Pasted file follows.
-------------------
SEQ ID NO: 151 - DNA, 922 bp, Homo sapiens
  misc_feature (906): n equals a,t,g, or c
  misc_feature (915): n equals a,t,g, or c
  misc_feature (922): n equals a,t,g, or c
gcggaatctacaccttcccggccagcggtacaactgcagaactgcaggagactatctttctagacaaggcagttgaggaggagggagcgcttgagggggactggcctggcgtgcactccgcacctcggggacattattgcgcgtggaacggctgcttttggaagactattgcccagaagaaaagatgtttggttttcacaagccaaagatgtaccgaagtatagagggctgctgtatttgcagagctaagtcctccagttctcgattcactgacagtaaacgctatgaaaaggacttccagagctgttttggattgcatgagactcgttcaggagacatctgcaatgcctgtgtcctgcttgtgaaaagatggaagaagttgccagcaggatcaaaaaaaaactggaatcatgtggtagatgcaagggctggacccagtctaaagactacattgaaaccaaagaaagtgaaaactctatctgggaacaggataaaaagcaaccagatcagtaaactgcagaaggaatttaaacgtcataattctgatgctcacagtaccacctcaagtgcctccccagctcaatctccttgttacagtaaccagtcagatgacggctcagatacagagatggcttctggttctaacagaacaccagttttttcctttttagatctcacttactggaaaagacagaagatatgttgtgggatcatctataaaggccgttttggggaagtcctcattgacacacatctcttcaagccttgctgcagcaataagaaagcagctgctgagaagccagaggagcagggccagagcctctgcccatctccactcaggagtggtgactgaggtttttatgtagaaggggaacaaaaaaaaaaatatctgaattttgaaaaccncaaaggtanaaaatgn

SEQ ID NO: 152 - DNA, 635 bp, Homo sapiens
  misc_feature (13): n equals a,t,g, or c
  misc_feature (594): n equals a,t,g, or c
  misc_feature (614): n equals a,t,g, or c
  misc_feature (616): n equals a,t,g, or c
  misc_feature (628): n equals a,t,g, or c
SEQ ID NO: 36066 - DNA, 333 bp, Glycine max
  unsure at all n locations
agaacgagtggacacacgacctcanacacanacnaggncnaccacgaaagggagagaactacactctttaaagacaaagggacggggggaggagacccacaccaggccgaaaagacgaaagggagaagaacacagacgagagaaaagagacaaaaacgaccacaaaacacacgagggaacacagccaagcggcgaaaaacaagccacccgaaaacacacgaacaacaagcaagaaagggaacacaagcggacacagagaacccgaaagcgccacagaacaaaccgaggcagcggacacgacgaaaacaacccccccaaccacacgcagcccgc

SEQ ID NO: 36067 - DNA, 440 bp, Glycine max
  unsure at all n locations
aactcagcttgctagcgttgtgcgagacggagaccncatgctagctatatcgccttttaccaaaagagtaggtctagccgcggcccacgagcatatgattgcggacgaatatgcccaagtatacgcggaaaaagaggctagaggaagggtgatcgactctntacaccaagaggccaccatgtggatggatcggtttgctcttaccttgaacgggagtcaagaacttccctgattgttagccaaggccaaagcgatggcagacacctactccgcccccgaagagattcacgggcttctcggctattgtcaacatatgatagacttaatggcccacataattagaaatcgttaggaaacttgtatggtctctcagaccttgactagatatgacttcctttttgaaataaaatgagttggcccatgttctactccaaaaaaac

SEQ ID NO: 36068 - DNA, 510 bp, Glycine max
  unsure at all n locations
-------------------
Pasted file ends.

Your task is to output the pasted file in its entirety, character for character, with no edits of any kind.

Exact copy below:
SEQ ID NO: 151 - DNA, 922 bp, Homo sapiens
  misc_feature (906): n equals a,t,g, or c
  misc_feature (915): n equals a,t,g, or c
  misc_feature (922): n equals a,t,g, or c
gcggaatctacaccttcccggccagcggtacaactgcagaactgcaggagactatctttctagacaaggcagttgaggaggagggagcgcttgagggggactggcctggcgtgcactccgcacctcggggacattattgcgcgtggaacggctgcttttggaagactattgcccagaagaaaagatgtttggttttcacaagccaaagatgtaccgaagtatagagggctgctgtatttgcagagctaagtcctccagttctcgattcactgacagtaaacgctatgaaaaggacttccagagctgttttggattgcatgagactcgttcaggagacatctgcaatgcctgtgtcctgcttgtgaaaagatggaagaagttgccagcaggatcaaaaaaaaactggaatcatgtggtagatgcaagggctggacccagtctaaagactacattgaaaccaaagaaagtgaaaactctatctgggaacaggataaaaagcaaccagatcagtaaactgcagaaggaatttaaacgtcataattctgatgctcacagtaccacctcaagtgcctccccagctcaatctccttgttacagtaaccagtcagatgacggctcagatacagagatggcttctggttctaacagaacaccagttttttcctttttagatctcacttactggaaaagacagaagatatgttgtgggatcatctataaaggccgttttggggaagtcctcattgacacacatctcttcaagccttgctgcagcaataagaaagcagctgctgagaagccagaggagcagggccagagcctctgcccatctccactcaggagtggtgactgaggtttttatgtagaaggggaacaaaaaaaaaaatatctgaattttgaaaaccncaaaggtanaaaatgn

SEQ ID NO: 152 - DNA, 635 bp, Homo sapiens
  misc_feature (13): n equals a,t,g, or c
  misc_feature (594): n equals a,t,g, or c
  misc_feature (614): n equals a,t,g, or c
  misc_feature (616): n equals a,t,g, or c
  misc_feature (628): n equals a,t,g, or c
SEQ ID NO: 36066 - DNA, 333 bp, Glycine max
  unsure at all n locations
agaacgagtggacacacgacctcanacacanacnaggncnaccacgaaagggagagaactacactctttaaagacaaagggacggggggaggagacccacaccaggccgaaaagacgaaagggagaagaacacagacgagagaaaagagacaaaaacgaccacaaaacacacgagggaacacagccaagcggcgaaaaacaagccacccgaaaacacacgaacaacaagcaagaaagggaacacaagcggacacagagaacccgaaagcgccacagaacaaaccgaggcagcggacacgacgaaaacaacccccccaaccacacgcagcccgc

SEQ ID NO: 36067 - DNA, 440 bp, Glycine max
  unsure at all n locations
aactcagcttgctagcgttgtgcgagacggagaccncatgctagctatatcgccttttaccaaaagagtaggtctagccgcggcccacgagcatatgattgcggacgaatatgcccaagtatacgcggaaaaagaggctagaggaagggtgatcgactctntacaccaagaggccaccatgtggatggatcggtttgctcttaccttgaacgggagtcaagaacttccctgattgttagccaaggccaaagcgatggcagacacctactccgcccccgaagagattcacgggcttctcggctattgtcaacatatgatagacttaatggcccacataattagaaatcgttaggaaacttgtatggtctctcagaccttgactagatatgacttcctttttgaaataaaatgagttggcccatgttctactccaaaaaaac

SEQ ID NO: 36068 - DNA, 510 bp, Glycine max
  unsure at all n locations